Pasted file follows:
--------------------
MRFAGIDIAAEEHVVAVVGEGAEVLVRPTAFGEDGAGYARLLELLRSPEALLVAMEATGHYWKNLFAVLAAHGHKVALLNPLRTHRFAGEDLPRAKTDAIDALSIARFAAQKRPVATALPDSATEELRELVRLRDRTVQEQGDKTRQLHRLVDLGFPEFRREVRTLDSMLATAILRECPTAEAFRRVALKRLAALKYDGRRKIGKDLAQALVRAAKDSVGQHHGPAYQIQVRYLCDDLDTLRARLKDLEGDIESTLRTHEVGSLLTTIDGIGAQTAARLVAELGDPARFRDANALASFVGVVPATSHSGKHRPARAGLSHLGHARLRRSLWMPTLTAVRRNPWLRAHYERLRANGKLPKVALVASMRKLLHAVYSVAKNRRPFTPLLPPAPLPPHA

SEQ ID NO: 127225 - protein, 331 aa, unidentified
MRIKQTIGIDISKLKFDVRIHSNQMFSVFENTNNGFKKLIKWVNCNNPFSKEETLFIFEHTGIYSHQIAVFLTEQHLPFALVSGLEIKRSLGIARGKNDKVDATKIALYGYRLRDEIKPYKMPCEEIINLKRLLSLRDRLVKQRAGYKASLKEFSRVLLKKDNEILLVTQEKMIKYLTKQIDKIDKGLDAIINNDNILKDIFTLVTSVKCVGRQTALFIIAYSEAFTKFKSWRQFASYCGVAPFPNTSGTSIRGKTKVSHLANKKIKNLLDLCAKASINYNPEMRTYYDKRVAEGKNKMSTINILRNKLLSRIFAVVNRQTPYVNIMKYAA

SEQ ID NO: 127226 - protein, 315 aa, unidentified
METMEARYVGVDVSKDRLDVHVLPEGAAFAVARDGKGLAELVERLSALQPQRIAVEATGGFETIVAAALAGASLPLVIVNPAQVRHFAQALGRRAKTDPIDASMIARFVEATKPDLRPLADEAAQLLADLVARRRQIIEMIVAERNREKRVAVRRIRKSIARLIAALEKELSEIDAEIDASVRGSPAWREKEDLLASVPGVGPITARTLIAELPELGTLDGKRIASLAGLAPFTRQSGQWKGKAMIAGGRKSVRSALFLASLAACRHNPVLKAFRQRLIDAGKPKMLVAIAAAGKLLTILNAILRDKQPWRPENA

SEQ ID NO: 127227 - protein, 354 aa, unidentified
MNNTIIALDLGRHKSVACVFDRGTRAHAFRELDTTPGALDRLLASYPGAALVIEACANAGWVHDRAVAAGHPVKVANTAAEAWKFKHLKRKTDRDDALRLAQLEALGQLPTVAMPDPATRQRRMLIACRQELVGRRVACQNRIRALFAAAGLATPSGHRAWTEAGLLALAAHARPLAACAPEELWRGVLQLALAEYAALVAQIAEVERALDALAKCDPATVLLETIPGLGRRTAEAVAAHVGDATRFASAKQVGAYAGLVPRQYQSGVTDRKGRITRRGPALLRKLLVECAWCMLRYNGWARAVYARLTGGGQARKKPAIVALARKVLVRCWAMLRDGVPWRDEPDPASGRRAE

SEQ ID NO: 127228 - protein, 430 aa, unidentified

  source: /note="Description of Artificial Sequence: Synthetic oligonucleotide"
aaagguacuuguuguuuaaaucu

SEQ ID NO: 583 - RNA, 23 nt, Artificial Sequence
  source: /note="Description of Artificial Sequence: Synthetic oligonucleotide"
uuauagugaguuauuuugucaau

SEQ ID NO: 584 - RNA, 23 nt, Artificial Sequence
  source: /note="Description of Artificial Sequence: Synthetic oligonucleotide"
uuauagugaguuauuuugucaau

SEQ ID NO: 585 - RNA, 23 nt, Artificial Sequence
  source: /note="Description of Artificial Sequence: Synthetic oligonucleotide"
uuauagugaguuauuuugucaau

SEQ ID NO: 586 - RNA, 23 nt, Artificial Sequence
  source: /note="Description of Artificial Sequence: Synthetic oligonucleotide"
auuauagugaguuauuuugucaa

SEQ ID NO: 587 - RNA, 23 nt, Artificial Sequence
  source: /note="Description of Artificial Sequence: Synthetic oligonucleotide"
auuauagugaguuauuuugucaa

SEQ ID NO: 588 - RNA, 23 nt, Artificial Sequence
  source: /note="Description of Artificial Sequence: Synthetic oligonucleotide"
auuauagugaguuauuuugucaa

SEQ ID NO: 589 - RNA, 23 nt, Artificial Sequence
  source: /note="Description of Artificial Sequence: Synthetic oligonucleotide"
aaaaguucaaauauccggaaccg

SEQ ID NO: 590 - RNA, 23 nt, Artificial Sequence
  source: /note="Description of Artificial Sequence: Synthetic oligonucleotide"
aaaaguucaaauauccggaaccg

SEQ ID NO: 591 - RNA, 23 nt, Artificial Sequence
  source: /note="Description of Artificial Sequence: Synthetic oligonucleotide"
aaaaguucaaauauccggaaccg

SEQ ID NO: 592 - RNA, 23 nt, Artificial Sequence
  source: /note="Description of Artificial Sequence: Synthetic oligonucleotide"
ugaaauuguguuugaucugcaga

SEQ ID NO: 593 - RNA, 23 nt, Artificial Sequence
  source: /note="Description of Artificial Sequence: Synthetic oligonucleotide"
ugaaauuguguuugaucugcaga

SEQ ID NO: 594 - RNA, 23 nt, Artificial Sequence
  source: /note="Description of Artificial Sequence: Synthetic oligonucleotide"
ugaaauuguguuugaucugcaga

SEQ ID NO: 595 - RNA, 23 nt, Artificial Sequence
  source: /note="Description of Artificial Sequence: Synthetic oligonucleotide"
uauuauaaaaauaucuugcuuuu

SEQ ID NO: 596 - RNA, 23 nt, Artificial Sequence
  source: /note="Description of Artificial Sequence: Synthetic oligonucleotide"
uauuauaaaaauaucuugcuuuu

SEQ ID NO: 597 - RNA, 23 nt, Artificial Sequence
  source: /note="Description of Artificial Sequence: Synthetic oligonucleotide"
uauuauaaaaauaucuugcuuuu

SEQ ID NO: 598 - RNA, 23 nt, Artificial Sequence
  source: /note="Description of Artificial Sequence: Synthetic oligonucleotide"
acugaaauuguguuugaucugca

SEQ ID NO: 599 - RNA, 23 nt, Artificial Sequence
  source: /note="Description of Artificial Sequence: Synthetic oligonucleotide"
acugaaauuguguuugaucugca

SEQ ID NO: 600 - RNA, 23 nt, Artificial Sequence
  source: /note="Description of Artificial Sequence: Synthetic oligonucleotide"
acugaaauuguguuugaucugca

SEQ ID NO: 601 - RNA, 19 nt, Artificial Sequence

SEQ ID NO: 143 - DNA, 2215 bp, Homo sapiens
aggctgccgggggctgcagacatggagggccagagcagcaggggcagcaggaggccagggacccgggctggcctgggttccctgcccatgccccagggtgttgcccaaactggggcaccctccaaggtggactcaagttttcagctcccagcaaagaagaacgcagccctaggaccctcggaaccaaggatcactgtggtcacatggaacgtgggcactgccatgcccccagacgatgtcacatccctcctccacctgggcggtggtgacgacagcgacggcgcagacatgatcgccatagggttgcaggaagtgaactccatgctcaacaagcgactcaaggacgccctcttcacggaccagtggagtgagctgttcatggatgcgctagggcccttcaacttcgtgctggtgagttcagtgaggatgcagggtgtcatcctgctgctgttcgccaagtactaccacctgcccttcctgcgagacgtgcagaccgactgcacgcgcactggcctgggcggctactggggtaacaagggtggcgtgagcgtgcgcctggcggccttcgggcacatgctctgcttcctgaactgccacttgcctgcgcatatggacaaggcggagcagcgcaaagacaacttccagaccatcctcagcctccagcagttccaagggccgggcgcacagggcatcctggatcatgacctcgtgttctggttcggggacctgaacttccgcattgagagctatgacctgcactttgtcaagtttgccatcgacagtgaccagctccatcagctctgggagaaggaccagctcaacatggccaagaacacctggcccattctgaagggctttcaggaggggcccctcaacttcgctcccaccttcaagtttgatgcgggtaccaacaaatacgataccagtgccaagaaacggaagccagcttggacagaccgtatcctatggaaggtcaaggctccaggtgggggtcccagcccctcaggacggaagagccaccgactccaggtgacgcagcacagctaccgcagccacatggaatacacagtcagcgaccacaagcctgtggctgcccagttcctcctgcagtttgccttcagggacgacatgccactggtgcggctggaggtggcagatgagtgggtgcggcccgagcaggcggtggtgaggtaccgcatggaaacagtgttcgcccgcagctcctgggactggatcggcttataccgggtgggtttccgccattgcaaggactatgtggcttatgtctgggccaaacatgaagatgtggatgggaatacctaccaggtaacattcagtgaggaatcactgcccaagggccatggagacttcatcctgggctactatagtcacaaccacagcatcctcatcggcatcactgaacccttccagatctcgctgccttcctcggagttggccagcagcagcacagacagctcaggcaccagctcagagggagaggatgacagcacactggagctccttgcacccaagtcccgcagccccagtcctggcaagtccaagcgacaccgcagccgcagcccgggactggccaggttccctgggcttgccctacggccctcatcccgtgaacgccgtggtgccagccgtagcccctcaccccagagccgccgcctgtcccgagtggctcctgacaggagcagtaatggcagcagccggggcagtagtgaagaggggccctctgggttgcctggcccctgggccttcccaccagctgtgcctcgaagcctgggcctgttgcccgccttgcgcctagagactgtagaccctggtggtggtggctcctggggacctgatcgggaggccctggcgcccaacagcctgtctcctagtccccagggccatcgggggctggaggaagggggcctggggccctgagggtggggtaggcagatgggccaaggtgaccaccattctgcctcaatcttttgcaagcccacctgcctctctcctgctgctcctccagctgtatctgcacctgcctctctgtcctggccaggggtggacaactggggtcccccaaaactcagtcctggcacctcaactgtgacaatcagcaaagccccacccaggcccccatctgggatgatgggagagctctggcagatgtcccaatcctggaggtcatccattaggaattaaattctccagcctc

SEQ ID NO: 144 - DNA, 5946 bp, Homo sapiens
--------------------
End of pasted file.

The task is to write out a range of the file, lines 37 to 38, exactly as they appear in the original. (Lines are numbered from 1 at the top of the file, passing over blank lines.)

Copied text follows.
aaaaguucaaauauccggaaccg

SEQ ID NO: 592 - RNA, 23 nt, Artificial Sequence